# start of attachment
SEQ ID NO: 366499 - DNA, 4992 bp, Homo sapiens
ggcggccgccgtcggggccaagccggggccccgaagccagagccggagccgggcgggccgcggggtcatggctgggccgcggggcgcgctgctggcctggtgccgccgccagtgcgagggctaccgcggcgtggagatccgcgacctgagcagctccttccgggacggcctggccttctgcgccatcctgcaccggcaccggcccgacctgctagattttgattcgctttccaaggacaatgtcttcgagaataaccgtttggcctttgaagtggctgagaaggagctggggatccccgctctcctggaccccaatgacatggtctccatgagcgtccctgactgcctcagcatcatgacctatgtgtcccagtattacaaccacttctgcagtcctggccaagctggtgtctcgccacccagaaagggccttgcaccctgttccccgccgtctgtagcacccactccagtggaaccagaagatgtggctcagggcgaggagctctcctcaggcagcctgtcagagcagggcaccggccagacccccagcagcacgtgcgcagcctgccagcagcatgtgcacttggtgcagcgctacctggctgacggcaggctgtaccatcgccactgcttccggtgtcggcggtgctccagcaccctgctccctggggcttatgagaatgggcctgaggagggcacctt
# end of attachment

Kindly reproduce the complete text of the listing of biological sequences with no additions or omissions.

SEQ ID NO: 366499 - DNA, 4992 bp, Homo sapiens
ggcggccgccgtcggggccaagccggggccccgaagccagagccggagccgggcgggccgcggggtcatggctgggccgcggggcgcgctgctggcctggtgccgccgccagtgcgagggctaccgcggcgtggagatccgcgacctgagcagctccttccgggacggcctggccttctgcgccatcctgcaccggcaccggcccgacctgctagattttgattcgctttccaaggacaatgtcttcgagaataaccgtttggcctttgaagtggctgagaaggagctggggatccccgctctcctggaccccaatgacatggtctccatgagcgtccctgactgcctcagcatcatgacctatgtgtcccagtattacaaccacttctgcagtcctggccaagctggtgtctcgccacccagaaagggccttgcaccctgttccccgccgtctgtagcacccactccagtggaaccagaagatgtggctcagggcgaggagctctcctcaggcagcctgtcagagcagggcaccggccagacccccagcagcacgtgcgcagcctgccagcagcatgtgcacttggtgcagcgctacctggctgacggcaggctgtaccatcgccactgcttccggtgtcggcggtgctccagcaccctgctccctggggcttatgagaatgggcctgaggagggcacctt